Burningham's book addresses the void by offering girls detailed strategies on talking to parents about boyfriends, piercings, tattoos, cell phones and curfews. She also translates parentspeak. ("How's school" means "Please just tell me anything about your life. Anything.")
"I didn't want it to be condescending, but I didn't want it to sound like I was a teenager, (instead) almost like a big sister," Burningham, 28, said, explaining the book's sometimes breezy tone.
Though written for teenage girls, the book may be more useful to their parents, because the last thing many teenagers want is to talk to Mom and Dad, says Laura Kastner, a Seattle-based family psychologist and author of "The Launching Years: Strategies for Parenting From Senior Year to College Life."
Teens often aren't interested in talking because their brains are in the middle of a massive remodeling, Kastner says, with the rational side getting overhauled and prepped for adulthood while the emotional side is hyperactive. Those two changes help explain the moody and rude behavior.
"Only by staying calm can you have access to" the rational side of their brains, Kastner added.
The problem is it's easy to snap in the face of a surly teenager. Kastner has a handy acronym for frustrated parents, based on her 30 years of experience treating families: CALM.
C is for calm. A is for analyze. L is for listen. M is for mapping a realistic plan.
"Be really clear, I am not going to respond to the verbal garbage they throw," said Kastner, who is also a clinical associate professor at the University of Washington. "I find parents just go off grid."
Unlike Kastner, Burningham isn't a professor or psychologist. She works for a publishing house in New York City. But she believes both sides can be more rational, dedicating the second chapter to "The Art of Negotiation," which includes a section titled "Keep Your Cool."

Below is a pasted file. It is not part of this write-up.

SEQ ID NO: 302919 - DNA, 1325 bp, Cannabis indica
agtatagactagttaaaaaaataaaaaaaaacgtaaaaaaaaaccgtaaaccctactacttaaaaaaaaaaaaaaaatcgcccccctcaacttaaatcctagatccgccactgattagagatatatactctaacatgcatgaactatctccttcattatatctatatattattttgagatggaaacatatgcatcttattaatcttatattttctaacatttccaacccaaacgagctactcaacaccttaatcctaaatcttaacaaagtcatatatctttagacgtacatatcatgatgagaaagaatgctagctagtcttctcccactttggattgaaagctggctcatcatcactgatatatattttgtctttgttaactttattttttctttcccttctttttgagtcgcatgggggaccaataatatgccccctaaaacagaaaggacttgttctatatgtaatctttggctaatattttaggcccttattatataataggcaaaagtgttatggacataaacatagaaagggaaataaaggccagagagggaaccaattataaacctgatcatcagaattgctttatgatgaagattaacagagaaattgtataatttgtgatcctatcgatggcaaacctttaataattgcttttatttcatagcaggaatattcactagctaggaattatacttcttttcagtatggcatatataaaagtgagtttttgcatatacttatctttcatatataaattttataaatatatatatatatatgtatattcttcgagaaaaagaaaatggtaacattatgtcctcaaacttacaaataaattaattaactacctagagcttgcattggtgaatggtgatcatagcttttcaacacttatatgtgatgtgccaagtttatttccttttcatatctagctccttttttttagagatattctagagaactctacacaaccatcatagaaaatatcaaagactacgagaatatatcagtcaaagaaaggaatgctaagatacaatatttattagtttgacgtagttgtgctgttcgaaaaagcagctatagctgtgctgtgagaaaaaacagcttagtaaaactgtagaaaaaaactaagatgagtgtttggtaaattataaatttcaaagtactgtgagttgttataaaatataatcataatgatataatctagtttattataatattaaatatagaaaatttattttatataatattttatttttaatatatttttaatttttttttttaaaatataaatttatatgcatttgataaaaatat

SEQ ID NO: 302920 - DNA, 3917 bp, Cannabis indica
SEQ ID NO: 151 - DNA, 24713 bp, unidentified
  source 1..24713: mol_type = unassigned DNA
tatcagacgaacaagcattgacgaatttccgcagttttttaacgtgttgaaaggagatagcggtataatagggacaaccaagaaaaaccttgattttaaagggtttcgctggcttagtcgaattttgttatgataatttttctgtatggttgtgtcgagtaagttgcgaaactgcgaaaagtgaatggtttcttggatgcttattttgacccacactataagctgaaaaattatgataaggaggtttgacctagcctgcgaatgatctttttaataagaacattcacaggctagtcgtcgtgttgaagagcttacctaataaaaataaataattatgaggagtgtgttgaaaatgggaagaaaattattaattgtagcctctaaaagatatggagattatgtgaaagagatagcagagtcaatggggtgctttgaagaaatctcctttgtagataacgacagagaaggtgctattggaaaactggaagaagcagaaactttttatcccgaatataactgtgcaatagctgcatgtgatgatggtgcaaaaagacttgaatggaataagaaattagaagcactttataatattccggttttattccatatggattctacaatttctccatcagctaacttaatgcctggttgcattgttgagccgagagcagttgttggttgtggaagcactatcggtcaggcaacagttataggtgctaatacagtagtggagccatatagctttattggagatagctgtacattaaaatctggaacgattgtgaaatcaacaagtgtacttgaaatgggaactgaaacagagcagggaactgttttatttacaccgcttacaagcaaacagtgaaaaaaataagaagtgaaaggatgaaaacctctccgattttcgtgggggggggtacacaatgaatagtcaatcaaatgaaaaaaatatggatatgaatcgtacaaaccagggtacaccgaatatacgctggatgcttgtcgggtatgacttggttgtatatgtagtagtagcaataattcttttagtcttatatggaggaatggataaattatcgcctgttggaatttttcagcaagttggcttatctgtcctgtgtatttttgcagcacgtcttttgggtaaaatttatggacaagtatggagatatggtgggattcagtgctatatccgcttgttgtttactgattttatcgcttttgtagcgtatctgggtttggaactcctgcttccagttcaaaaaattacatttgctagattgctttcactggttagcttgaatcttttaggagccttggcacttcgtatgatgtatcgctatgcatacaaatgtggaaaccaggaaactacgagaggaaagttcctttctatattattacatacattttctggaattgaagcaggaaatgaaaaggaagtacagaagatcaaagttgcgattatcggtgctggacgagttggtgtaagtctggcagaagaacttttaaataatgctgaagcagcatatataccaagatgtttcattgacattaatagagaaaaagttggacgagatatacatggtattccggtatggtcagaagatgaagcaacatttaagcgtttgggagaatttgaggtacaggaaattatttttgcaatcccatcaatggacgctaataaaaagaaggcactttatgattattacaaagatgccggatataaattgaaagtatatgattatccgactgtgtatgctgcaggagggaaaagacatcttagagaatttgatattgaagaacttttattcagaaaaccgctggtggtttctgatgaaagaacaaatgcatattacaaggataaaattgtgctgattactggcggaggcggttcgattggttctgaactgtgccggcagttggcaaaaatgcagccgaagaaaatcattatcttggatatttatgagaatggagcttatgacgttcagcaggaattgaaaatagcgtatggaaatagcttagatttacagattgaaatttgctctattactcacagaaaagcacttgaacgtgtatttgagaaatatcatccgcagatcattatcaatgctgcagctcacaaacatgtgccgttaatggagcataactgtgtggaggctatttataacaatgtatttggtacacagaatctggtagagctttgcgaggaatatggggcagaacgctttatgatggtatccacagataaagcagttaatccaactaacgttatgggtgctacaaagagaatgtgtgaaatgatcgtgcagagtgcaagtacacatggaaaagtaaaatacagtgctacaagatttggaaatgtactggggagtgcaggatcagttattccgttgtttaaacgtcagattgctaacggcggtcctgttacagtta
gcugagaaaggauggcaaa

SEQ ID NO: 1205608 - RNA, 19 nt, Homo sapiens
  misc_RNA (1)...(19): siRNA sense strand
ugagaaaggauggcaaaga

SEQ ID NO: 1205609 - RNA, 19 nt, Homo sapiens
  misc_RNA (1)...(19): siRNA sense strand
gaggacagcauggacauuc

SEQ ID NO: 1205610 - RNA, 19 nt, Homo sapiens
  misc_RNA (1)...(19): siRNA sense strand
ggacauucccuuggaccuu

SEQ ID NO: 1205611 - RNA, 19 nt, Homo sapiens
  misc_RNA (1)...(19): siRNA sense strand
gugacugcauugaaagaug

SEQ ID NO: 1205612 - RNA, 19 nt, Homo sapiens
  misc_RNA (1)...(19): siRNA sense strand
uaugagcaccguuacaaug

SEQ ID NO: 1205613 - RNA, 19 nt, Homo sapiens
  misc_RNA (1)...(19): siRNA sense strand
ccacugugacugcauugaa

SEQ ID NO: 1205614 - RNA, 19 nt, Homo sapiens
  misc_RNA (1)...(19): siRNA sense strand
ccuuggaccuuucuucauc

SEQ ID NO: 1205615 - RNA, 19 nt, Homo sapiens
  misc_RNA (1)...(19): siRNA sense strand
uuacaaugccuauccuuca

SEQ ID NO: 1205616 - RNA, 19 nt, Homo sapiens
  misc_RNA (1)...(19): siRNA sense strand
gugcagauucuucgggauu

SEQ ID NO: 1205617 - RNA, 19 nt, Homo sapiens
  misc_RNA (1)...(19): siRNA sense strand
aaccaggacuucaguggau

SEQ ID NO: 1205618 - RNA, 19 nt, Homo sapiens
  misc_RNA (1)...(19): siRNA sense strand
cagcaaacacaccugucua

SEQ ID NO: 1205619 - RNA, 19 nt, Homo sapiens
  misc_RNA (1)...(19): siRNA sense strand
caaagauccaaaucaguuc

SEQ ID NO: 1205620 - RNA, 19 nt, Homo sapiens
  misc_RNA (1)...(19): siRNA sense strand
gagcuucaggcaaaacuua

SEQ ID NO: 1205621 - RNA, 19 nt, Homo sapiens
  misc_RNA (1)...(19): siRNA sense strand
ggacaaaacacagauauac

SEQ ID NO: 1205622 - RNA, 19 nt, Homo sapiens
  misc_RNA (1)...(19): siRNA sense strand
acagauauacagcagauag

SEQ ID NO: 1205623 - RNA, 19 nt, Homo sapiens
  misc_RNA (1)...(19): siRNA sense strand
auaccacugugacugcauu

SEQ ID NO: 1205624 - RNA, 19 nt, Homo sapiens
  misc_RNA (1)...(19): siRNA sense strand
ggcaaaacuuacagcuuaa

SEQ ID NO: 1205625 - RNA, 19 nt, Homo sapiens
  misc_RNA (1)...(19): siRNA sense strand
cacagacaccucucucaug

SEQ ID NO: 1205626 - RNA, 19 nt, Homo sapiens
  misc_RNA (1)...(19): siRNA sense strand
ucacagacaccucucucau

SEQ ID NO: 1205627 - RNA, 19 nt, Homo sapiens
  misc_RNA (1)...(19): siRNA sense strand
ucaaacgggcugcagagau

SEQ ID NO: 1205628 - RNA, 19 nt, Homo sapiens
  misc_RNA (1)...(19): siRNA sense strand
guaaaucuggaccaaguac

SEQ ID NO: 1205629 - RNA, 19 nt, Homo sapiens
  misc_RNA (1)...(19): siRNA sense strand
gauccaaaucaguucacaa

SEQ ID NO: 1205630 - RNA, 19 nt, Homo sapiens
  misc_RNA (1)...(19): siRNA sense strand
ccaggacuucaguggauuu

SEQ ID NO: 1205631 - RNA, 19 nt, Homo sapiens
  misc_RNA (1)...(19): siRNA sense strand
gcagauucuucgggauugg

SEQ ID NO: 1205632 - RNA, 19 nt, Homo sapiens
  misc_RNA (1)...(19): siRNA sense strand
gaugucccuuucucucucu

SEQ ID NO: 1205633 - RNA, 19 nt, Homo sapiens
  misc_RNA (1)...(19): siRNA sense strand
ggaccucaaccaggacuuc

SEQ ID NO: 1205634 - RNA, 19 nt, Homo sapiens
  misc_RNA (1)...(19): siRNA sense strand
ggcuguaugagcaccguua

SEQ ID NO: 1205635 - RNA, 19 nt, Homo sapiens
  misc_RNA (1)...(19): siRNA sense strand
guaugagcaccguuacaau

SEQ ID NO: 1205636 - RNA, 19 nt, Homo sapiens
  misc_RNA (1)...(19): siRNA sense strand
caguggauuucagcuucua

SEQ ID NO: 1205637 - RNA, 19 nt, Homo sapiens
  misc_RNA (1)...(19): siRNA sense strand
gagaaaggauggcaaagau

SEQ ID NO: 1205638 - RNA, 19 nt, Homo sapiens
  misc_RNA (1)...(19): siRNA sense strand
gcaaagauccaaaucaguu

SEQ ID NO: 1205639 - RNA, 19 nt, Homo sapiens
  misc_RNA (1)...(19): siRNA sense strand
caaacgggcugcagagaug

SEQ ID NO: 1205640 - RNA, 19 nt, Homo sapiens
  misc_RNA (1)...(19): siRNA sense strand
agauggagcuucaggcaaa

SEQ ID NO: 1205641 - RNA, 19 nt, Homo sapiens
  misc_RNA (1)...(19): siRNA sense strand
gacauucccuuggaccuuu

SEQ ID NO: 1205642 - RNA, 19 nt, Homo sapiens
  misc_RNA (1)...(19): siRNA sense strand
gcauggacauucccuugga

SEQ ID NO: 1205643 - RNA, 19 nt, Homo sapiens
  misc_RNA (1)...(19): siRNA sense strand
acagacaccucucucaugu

Dads may have the biggest challenge when it comes to relating to teenage daughters. Dads are more involved in parenting today, but teenage girls often put them in foreign territory of boyfriends and heartbreak.
"I think that dads are at a loss when their daughters start to become women," Burningham said. Yet fathers are critical because positive dad-daughter relationships have been linked to academic, romantic and career success, as well as healthy body images, Kastner adds.
"You don't have to be like superstar dad. You don't have to bring oranges to the soccer game. You just have to be there. That means a lot to a teenager," Burningham said.
Burningham's dad, for example, started monthly daddy-daughter dates when she was in kindergarten. Sometimes they went to a basketball game, other times to the nearby 7-Eleven for a Slurpee.
The dates highlight the heart of Burningham's book that communication is key and shouldn't start when your daughter turns 16. Burningham's parents started talking to her as soon as she could talk.
"I heard from a lot of teenagers they (parents) didn't have time for them," said Burningham, who interviewed more than 2,000 adolescents and nearly 300 parents for her book. "When they did have time for them they didn't listen to them."
One of the new wrinkles of modern child-rearing is that parents are raising a generation immersed in the tech revolution of Blackberries, cell phones and iPods, which means everyone may be so busy multitasking they forget to talk.
The first thing parents should learn is to send a text message, then learn about instant messaging, social networking and blogging, Burningham suggests.
If you wait until your teenager is 16, and they already have a MySpace profile and all that ... they are not really going to listen to you," she said.
Burningham isn't promising that "How To Raise Your Parents" will bring detente to your home. At its core, her book is a starting point to get teens and their parents talking.
"No one is reading minds here," she said.